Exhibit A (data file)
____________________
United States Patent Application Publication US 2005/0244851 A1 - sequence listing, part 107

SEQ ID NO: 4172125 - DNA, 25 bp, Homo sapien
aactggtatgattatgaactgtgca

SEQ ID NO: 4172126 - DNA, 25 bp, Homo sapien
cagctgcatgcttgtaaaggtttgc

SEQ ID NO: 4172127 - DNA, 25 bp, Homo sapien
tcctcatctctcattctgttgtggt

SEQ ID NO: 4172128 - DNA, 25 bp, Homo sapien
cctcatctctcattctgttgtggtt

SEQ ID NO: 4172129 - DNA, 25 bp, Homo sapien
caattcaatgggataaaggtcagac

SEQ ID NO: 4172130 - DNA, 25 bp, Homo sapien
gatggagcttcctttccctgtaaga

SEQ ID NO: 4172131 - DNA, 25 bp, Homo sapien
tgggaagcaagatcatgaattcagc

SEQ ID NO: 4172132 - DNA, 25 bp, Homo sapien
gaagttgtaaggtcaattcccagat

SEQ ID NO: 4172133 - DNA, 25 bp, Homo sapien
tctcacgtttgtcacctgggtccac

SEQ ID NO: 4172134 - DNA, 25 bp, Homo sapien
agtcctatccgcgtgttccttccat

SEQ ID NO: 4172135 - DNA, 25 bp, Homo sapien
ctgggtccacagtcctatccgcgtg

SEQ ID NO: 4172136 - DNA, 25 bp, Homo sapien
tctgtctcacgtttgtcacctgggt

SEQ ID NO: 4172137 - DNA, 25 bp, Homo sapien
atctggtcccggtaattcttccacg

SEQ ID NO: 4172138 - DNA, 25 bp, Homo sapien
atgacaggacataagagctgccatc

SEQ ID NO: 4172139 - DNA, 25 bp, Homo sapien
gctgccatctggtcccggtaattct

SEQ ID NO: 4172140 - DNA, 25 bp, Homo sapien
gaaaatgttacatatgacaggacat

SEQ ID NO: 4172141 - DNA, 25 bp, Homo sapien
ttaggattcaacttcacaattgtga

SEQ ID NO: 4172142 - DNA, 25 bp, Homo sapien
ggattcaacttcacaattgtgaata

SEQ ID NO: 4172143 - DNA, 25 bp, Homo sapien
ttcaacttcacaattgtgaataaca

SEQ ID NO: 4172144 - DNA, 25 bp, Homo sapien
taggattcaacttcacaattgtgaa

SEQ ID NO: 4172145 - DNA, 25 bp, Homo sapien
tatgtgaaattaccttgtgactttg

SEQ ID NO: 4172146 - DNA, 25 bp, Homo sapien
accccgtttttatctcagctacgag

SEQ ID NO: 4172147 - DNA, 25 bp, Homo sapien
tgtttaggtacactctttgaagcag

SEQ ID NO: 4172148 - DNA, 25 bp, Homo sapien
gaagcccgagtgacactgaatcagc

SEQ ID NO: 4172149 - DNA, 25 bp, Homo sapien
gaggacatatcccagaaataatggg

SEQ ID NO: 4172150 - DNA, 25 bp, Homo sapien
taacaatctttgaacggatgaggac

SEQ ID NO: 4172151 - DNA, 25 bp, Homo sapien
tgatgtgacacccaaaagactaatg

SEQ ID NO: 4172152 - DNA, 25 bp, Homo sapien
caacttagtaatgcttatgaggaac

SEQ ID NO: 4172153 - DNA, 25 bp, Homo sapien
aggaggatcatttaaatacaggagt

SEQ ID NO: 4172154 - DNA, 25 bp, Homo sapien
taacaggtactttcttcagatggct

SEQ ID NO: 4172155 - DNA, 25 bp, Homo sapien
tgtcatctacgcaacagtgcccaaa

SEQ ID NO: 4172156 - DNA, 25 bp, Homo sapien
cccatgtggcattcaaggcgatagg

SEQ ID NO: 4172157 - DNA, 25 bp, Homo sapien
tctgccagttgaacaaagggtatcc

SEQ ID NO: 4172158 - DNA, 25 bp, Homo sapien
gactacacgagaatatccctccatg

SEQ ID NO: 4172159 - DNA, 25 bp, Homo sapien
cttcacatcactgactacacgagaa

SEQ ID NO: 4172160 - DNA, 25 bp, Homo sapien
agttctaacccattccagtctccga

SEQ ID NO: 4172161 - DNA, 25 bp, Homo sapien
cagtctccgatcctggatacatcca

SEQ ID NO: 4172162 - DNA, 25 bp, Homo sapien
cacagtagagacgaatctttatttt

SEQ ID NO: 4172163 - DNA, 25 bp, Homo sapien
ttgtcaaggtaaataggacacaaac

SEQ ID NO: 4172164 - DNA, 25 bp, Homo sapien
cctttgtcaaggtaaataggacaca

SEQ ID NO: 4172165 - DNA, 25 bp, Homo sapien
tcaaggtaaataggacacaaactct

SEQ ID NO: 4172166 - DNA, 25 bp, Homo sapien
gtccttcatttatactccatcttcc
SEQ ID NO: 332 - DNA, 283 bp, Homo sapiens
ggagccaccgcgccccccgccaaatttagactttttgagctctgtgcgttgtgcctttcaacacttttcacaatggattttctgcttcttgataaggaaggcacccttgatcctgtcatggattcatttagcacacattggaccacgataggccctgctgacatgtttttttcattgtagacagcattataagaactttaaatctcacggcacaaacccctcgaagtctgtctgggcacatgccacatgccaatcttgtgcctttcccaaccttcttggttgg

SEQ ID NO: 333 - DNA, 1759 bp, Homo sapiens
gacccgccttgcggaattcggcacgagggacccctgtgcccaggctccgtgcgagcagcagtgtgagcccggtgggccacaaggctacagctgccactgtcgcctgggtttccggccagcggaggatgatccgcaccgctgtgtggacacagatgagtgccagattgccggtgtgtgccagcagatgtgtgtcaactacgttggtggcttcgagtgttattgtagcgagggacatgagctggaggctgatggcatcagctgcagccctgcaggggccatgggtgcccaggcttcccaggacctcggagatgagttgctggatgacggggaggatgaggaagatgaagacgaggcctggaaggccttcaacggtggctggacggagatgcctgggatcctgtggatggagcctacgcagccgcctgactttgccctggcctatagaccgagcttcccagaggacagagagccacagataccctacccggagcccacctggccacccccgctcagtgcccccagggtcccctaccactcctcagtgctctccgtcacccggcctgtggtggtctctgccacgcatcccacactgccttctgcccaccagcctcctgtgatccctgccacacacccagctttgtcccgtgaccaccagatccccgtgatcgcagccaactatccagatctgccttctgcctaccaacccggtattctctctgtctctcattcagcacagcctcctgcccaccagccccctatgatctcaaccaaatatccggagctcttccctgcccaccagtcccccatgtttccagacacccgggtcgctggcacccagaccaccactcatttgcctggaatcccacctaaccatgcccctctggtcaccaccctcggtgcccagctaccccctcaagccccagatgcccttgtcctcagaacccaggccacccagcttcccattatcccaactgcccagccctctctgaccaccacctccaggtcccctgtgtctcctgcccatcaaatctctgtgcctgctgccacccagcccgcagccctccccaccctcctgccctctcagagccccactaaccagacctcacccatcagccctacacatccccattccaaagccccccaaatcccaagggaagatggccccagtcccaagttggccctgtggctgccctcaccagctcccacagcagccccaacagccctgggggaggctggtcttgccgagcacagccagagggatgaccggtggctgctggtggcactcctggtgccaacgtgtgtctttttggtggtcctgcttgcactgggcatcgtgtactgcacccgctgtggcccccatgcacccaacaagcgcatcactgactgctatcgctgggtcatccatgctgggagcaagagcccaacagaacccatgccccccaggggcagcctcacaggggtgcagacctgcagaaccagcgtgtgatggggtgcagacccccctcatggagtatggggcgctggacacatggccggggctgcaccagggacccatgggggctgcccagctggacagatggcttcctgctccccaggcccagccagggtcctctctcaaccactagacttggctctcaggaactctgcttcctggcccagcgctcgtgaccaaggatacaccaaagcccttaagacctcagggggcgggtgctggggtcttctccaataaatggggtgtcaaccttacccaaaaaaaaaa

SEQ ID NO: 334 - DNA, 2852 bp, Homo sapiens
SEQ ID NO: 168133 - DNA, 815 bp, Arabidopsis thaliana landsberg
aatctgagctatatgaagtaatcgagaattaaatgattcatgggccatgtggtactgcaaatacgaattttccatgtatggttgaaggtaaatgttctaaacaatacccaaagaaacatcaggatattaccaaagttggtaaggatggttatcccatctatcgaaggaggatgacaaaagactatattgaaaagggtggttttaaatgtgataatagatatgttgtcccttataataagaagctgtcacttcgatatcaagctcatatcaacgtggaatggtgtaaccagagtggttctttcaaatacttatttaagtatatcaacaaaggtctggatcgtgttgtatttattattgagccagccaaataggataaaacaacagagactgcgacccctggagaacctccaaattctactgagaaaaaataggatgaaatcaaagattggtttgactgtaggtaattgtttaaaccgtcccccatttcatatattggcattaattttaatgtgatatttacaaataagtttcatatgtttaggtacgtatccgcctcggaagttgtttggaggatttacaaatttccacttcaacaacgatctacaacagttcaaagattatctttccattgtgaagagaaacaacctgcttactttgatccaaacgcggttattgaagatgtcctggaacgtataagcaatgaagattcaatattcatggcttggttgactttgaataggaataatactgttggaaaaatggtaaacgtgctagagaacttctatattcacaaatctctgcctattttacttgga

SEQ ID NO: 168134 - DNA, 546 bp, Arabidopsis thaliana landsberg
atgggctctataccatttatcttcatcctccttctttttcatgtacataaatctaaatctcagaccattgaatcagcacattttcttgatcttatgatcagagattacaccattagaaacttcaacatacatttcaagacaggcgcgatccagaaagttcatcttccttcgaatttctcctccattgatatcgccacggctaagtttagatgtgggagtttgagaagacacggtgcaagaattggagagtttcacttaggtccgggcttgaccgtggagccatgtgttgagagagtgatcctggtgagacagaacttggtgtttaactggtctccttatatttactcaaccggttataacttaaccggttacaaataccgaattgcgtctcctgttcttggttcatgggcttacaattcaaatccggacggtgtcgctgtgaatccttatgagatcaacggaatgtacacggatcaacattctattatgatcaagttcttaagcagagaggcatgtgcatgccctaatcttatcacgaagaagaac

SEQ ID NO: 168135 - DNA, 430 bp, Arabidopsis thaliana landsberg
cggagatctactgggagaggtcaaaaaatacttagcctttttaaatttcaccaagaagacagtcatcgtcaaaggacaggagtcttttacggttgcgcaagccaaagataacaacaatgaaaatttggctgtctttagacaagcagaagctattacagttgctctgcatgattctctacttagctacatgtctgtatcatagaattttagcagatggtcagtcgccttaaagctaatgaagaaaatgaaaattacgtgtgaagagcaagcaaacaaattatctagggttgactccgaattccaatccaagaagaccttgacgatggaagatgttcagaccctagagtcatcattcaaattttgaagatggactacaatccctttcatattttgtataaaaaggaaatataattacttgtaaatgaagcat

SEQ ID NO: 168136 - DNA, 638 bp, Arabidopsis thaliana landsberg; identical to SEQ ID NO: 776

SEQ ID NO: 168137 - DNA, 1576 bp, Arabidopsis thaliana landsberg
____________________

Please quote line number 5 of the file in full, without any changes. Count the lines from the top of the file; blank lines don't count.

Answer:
cagctgcatgcttgtaaaggtttgc